The festival is a harvest celebration of the people observed in October.
It has been held annually since 1944 to foster unity and provide the youth an opportunity to learn their culture, but it commemorates the end of a famine that occurred hundreds of years ago.
The festival derives its name from the historic importance of ngma or millet, to the survival of the ethnic group, though that grain now is cultivated mainly for ritual purposes.
The Odumase-Krobo locale basks in traditional cultures, several historic relics as well as landscapes that are both beautiful and dramatic.
The durbar climaxed activities marking the celebration of the festival which is one of the most cherished festivals of huge tourist attraction in Ghana.
The rich culture and tradition of the people were on display at the festival which also attracted tourists from other parts of the world.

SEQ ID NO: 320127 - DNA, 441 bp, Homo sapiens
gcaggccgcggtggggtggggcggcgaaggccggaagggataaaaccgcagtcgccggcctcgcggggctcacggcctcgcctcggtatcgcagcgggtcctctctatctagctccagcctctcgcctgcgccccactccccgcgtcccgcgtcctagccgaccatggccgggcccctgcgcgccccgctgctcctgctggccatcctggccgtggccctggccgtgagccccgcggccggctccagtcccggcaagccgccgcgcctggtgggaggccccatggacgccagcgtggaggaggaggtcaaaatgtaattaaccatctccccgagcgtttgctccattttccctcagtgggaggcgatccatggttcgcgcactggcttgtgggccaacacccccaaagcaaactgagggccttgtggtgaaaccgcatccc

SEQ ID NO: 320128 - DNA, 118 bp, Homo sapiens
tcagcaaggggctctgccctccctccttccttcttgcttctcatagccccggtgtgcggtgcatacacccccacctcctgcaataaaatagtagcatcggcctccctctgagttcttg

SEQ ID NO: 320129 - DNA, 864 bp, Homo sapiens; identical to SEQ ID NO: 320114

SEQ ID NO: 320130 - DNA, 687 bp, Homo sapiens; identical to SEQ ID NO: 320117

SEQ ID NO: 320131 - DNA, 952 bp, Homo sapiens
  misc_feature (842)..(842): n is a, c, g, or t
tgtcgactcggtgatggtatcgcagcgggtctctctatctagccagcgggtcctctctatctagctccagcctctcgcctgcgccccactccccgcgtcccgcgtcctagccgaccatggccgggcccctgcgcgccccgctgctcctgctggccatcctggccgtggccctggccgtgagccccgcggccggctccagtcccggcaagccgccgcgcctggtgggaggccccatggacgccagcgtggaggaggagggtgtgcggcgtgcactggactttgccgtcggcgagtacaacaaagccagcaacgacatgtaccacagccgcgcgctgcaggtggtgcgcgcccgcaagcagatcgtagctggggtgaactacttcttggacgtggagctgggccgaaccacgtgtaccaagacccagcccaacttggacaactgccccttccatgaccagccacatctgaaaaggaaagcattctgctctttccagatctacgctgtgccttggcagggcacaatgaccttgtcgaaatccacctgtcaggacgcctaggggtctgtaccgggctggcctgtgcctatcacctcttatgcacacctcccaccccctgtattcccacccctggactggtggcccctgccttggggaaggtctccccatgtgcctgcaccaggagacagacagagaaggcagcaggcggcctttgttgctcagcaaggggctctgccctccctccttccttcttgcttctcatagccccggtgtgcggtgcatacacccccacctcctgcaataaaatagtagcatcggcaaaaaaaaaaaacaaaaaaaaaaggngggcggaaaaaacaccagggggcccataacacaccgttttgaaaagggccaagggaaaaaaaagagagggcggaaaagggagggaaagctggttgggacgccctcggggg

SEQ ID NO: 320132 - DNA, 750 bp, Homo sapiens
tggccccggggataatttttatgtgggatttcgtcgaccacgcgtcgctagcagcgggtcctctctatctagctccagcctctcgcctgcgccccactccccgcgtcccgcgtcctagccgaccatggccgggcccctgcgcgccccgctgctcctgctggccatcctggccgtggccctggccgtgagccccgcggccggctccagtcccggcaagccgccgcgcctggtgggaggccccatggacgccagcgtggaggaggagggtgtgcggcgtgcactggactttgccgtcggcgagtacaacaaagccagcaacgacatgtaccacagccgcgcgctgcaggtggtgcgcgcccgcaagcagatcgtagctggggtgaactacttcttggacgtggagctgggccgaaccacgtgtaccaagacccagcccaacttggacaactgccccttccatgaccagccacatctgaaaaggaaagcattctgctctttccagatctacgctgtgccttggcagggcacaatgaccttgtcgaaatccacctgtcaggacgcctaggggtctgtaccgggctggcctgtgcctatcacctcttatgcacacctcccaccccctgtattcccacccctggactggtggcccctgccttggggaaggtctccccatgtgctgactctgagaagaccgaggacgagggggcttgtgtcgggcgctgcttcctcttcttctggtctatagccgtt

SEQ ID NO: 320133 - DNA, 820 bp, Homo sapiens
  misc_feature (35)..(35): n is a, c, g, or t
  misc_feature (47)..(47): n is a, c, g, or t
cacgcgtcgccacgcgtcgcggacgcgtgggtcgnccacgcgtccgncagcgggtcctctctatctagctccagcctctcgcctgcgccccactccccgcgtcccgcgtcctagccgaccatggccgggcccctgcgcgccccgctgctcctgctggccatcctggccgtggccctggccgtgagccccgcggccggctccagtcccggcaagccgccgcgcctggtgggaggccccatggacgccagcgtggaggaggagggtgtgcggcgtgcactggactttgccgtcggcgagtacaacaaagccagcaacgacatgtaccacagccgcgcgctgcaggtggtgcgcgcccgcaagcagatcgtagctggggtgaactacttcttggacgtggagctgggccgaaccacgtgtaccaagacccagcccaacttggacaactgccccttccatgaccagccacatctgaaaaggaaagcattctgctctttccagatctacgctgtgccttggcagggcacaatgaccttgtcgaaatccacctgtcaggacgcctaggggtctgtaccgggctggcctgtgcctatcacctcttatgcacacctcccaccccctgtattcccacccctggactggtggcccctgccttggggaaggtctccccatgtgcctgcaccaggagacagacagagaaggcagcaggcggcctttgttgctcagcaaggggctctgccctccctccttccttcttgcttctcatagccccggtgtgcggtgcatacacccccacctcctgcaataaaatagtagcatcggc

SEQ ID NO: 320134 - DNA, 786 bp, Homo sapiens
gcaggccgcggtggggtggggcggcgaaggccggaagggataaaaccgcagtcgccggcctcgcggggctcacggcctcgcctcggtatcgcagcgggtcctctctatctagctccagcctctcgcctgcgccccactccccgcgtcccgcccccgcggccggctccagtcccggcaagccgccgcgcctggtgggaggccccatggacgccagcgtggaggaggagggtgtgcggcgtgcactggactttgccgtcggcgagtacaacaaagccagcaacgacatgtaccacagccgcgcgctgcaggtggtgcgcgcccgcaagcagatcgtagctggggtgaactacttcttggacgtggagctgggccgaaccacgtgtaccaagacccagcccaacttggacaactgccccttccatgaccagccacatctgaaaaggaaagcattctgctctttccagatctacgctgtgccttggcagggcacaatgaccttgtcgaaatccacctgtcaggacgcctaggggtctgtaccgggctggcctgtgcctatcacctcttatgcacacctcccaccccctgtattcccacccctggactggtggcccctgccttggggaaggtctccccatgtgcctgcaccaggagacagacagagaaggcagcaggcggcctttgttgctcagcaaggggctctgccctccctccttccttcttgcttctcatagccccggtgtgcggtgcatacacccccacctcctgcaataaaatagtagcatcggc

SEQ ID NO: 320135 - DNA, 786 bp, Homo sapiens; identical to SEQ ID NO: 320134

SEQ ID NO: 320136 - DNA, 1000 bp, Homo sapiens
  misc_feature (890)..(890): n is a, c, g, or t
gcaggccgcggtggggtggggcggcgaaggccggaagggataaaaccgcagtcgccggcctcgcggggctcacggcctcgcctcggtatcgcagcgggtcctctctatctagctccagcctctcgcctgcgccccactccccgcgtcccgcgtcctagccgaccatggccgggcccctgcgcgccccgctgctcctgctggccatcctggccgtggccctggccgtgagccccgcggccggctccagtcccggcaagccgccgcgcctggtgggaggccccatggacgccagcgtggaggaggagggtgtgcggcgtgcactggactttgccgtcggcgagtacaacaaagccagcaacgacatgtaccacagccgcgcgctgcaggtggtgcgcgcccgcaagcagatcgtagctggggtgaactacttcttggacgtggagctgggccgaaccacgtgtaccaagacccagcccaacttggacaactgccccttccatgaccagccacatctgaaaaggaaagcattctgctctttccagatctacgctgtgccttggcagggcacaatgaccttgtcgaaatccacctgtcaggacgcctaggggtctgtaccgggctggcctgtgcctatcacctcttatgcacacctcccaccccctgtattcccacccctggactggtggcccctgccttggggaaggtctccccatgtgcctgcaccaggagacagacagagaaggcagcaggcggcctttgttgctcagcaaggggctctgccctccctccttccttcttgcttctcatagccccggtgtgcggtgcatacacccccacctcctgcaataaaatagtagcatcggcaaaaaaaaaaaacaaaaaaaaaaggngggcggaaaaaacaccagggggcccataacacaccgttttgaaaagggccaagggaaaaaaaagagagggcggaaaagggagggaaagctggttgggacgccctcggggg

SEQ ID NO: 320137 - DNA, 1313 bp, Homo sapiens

At the durbar, clan members meet to discuss with the government and administration of the area and to hear update on development projects and issues affecting the people.
The Paramount Chief, Nene Sackitey II addressed the teeming gathering about the state of development projects in the area and issues that needed swift interventions from the government.
He thanked the government for the numerous development projects being undertaken in the area and urged the people to support government’s efforts at bring developments closer them.
Ghana’s Vice president Paa Kwesi Amissah-Arthur on behalf of the government pledged to strengthen collaboration with the traditional rulers for the progress of the people
He asked the people to provide peaceful atmosphere for developments to take place.
“Disputes and differences among key stakeholders slow the progress and we want to make fast progress,” he told the gathering.
Some residents took advantage of the celebration to do business by selling favorite traditional handmade beads to some tourists. Enditem